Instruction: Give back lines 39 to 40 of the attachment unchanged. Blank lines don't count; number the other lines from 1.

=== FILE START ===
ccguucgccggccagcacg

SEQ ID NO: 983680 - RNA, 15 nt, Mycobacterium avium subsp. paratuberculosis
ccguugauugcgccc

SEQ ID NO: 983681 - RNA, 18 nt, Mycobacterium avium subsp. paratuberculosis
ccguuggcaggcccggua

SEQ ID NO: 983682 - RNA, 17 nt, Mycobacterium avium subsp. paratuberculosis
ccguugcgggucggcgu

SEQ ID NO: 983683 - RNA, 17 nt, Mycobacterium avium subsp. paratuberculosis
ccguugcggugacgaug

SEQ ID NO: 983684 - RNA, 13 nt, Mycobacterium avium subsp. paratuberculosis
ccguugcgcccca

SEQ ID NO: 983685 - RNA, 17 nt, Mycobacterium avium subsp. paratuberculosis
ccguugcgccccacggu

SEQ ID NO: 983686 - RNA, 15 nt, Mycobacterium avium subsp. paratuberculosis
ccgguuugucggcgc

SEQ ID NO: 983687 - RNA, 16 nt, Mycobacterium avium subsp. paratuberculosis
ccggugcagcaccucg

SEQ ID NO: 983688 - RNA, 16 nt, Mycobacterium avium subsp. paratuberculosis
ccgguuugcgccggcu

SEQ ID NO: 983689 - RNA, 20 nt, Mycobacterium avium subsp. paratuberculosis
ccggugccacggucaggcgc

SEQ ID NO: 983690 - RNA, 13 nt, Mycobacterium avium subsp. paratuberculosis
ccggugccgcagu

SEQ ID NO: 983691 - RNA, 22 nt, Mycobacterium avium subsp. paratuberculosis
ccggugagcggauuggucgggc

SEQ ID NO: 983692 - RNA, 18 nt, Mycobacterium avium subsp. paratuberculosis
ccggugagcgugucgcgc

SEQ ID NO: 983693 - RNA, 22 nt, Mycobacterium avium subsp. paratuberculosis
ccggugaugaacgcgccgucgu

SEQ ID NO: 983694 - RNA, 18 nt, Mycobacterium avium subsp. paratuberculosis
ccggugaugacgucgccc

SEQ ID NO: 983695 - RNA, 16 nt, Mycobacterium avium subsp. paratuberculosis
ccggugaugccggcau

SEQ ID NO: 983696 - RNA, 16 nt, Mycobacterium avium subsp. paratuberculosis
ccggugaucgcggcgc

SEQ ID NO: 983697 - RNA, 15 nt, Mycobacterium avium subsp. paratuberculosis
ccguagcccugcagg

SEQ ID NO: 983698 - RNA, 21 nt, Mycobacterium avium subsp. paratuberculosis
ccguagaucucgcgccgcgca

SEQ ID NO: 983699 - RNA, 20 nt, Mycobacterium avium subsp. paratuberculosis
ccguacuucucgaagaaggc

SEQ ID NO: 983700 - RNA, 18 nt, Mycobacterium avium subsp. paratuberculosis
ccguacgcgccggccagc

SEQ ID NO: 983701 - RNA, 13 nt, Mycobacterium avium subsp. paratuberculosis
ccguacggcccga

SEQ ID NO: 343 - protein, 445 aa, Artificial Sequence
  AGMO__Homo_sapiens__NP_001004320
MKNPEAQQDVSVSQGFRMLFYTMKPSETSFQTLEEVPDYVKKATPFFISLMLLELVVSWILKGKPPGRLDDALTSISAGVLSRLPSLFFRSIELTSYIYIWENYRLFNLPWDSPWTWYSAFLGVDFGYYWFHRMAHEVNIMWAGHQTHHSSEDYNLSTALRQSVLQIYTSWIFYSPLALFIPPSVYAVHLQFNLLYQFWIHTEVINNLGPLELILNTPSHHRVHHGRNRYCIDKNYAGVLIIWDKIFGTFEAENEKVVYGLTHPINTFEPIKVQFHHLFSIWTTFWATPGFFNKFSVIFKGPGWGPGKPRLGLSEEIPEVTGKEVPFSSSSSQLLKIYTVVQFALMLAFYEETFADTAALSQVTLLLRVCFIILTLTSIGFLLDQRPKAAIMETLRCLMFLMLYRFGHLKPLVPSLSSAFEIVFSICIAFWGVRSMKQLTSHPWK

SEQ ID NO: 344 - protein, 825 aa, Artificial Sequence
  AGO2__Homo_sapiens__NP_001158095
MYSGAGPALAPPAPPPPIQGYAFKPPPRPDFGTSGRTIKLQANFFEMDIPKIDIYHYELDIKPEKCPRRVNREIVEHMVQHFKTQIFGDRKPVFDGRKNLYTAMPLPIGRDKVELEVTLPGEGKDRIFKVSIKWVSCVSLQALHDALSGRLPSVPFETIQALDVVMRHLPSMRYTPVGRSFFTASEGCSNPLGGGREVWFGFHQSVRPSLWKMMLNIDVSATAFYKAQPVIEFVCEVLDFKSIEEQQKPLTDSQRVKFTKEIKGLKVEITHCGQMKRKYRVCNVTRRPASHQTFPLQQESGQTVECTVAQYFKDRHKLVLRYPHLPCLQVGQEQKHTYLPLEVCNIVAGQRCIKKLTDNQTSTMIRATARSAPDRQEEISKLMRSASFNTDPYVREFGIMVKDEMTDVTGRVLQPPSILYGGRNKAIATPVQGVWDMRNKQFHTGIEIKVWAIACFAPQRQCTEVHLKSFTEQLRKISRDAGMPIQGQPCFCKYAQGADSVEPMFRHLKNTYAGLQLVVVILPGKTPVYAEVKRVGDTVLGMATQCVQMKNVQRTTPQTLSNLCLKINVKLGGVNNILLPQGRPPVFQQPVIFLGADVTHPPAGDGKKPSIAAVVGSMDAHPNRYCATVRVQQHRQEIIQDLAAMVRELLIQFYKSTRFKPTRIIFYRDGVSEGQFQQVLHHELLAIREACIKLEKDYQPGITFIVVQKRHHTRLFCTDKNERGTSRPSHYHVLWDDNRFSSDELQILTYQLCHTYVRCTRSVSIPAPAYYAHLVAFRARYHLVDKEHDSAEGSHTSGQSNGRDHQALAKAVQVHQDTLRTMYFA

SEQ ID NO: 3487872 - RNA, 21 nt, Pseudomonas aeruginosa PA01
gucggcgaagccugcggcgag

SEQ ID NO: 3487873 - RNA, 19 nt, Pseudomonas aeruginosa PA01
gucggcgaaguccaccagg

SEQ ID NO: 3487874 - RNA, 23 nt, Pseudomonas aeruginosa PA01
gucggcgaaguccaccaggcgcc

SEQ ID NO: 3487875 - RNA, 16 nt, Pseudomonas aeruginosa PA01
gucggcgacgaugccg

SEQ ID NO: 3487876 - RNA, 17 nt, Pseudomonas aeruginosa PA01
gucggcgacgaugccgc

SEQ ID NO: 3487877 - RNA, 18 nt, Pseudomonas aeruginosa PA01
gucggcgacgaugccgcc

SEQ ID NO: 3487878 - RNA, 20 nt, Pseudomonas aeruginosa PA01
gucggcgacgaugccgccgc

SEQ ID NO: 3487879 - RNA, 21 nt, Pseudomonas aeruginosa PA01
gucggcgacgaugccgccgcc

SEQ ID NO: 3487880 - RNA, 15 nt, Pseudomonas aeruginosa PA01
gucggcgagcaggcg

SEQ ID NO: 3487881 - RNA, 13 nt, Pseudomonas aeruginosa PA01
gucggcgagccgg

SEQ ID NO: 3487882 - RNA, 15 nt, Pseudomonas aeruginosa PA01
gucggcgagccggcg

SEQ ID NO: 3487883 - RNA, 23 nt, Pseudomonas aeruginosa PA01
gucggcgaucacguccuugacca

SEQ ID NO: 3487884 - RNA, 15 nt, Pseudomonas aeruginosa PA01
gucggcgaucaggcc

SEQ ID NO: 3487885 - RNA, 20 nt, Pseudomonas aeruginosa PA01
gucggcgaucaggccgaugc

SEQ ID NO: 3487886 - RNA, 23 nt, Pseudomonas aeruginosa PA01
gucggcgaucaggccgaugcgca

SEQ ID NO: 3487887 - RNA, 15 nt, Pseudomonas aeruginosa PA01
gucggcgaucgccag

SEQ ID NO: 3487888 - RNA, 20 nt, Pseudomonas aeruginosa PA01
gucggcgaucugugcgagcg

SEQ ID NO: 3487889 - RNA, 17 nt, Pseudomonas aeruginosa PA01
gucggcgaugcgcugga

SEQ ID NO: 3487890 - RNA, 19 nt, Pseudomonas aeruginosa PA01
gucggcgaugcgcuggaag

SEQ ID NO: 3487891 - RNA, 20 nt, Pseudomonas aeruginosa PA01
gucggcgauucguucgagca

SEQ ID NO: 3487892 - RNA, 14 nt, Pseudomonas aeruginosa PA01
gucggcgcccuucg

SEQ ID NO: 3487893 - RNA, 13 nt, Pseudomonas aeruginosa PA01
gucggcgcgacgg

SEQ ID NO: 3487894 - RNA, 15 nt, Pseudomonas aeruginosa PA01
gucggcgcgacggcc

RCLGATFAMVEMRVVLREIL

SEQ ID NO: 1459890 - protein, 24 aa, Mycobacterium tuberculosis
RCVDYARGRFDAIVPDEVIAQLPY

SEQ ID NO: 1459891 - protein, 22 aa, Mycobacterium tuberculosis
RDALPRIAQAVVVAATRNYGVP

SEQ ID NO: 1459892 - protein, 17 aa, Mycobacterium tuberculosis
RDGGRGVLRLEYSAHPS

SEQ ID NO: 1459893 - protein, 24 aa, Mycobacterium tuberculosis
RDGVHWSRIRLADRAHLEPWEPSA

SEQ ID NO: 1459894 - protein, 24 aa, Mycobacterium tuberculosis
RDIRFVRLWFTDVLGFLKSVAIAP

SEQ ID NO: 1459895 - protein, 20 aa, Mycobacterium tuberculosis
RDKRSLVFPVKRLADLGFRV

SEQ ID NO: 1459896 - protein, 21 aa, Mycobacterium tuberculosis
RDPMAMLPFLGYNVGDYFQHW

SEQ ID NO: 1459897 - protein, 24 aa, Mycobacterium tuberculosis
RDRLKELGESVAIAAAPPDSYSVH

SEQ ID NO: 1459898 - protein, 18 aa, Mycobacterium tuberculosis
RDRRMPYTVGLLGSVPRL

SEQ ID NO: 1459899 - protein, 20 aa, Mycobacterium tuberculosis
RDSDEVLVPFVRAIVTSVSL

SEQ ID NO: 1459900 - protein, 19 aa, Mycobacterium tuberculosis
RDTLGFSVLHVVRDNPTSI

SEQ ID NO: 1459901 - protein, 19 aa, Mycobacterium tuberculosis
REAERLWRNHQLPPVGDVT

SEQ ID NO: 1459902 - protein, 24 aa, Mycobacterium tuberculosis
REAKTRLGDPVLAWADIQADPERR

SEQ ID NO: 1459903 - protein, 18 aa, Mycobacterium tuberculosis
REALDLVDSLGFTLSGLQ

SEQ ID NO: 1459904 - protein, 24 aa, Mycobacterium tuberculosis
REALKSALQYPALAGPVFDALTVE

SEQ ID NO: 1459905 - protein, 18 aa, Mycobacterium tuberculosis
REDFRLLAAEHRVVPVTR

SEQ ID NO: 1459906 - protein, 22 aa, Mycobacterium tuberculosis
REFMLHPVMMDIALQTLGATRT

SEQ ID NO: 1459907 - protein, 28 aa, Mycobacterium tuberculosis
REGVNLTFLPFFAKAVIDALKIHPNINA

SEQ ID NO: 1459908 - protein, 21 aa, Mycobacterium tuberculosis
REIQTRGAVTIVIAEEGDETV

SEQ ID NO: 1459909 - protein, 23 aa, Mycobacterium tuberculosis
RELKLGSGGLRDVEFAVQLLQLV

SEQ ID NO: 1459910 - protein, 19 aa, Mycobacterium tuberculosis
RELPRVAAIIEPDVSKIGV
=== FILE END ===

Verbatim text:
ccguagaucucgcgccgcgca

SEQ ID NO: 983699 - RNA, 20 nt, Mycobacterium avium subsp. paratuberculosis